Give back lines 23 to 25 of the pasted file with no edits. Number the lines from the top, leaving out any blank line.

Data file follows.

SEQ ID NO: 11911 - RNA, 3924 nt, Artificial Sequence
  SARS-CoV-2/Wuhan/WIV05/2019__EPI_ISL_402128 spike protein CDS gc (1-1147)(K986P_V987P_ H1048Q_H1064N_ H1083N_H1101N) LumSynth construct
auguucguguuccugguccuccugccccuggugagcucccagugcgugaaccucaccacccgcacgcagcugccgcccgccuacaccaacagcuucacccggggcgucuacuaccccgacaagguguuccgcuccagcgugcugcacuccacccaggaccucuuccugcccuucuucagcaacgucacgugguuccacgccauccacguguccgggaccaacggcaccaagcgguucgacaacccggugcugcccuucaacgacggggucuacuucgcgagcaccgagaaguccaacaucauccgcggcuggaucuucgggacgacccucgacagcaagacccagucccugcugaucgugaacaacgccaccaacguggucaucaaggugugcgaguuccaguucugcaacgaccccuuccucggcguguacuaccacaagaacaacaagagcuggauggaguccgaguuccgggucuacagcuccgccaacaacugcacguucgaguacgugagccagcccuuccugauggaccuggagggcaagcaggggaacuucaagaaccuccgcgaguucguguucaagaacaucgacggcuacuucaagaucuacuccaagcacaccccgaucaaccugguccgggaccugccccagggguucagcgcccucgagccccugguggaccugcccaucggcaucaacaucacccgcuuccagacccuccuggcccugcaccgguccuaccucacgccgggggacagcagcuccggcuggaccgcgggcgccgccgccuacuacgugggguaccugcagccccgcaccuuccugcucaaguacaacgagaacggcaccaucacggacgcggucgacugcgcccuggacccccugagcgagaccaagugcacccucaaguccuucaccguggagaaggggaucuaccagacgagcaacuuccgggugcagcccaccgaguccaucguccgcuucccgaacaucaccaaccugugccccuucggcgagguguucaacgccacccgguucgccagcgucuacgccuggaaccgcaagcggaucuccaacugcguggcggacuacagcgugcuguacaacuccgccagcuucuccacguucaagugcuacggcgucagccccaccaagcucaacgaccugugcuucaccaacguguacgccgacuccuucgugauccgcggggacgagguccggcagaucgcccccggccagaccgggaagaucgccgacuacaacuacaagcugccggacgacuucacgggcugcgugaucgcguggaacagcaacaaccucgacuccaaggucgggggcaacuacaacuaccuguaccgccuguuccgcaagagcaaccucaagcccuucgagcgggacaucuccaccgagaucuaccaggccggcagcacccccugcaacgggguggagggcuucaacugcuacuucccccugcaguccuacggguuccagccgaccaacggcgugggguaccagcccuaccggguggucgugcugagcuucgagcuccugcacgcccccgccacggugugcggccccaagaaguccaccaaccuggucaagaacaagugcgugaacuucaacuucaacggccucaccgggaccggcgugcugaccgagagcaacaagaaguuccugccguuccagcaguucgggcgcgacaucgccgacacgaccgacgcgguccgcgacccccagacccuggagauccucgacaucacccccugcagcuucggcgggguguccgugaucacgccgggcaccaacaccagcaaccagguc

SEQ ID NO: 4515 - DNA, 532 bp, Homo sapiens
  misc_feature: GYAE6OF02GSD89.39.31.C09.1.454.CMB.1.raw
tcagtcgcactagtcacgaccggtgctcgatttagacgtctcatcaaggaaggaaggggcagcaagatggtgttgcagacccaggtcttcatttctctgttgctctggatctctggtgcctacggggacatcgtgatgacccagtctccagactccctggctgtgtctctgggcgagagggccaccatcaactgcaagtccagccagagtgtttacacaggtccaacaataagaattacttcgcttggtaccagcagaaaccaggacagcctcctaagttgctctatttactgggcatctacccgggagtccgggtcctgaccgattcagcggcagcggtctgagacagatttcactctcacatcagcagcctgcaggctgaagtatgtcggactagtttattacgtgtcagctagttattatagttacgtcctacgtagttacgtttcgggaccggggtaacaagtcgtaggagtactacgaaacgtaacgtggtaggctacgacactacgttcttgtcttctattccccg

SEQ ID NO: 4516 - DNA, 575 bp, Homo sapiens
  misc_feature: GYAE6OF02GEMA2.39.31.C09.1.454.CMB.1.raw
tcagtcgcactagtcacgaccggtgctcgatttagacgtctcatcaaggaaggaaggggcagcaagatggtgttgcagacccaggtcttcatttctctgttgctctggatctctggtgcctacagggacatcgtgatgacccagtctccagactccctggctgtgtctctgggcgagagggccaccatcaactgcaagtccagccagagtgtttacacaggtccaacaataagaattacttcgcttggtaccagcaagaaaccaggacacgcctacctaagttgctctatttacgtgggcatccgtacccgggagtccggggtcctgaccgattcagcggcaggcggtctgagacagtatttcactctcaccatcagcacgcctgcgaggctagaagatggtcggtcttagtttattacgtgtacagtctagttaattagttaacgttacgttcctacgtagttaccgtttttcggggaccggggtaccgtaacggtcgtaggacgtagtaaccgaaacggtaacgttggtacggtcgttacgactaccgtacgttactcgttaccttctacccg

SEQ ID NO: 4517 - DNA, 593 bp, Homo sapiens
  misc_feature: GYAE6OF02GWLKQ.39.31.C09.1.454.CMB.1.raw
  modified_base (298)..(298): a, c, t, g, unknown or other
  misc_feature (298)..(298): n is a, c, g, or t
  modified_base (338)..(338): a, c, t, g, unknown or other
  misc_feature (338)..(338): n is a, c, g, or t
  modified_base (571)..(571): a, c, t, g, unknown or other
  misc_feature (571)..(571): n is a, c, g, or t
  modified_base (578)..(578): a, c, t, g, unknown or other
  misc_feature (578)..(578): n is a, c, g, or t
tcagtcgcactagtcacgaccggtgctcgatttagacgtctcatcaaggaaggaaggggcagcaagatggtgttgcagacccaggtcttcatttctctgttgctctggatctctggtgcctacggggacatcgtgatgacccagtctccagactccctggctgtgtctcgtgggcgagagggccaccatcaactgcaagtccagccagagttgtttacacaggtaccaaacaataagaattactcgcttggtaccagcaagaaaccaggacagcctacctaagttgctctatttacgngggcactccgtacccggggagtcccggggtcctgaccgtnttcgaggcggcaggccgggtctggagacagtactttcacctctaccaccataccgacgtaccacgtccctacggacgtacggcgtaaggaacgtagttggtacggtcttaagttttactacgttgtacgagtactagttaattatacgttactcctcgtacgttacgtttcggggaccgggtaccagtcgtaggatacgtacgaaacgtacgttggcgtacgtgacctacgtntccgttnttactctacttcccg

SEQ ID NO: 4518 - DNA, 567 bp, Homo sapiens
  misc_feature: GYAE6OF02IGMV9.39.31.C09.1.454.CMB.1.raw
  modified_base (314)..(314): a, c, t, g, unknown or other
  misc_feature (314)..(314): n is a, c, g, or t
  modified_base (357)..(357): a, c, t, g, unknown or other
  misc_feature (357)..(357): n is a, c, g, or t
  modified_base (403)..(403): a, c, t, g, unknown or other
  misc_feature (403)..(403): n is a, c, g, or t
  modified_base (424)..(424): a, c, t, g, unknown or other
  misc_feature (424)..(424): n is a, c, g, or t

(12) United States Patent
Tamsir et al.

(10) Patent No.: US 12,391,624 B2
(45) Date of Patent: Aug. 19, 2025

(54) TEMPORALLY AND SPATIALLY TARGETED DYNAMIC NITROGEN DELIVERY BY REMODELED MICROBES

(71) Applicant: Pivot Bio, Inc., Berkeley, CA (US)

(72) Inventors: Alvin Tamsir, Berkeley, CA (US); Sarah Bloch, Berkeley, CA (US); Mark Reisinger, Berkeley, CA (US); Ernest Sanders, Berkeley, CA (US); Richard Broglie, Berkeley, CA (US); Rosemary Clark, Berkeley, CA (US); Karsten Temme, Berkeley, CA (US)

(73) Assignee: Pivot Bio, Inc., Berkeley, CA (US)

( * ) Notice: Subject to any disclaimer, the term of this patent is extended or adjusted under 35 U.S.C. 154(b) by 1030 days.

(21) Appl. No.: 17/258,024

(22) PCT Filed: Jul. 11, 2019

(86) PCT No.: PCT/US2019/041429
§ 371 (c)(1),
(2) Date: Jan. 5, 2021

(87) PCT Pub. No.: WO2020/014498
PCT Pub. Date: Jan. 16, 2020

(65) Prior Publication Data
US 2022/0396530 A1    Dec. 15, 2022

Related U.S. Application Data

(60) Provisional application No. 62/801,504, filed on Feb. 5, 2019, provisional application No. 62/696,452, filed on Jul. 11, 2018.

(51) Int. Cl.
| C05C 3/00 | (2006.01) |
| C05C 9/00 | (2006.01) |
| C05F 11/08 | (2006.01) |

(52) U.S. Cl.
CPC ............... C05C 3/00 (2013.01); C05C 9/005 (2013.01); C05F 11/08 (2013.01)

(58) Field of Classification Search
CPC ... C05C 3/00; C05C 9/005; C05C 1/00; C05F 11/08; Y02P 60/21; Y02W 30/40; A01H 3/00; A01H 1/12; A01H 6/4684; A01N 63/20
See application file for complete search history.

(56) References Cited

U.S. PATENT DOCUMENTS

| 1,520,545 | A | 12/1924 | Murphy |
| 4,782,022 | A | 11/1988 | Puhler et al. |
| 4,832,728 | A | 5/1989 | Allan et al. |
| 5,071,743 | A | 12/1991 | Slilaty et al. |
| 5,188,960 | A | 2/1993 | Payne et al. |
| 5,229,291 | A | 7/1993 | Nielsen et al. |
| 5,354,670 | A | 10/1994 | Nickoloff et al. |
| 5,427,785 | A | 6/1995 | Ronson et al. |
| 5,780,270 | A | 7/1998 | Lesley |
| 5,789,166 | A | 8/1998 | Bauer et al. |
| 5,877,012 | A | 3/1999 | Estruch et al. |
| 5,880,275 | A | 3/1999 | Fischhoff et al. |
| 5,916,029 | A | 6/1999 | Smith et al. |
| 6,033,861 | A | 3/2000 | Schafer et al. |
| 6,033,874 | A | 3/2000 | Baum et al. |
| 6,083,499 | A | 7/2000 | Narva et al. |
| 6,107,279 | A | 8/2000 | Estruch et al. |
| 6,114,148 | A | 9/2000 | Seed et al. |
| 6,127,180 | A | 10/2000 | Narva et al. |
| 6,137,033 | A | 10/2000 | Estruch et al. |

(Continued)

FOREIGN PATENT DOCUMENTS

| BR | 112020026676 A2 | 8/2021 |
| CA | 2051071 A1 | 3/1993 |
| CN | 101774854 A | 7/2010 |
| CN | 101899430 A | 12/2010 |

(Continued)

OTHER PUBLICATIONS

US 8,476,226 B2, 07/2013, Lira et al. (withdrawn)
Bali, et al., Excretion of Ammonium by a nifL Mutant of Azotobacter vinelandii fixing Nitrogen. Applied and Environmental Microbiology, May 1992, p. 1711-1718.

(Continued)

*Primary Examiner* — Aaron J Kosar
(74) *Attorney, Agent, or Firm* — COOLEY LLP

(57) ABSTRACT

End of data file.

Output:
  modified_base (314)..(314): a, c, t, g, unknown or other
  misc_feature (314)..(314): n is a, c, g, or t
  modified_base (357)..(357): a, c, t, g, unknown or other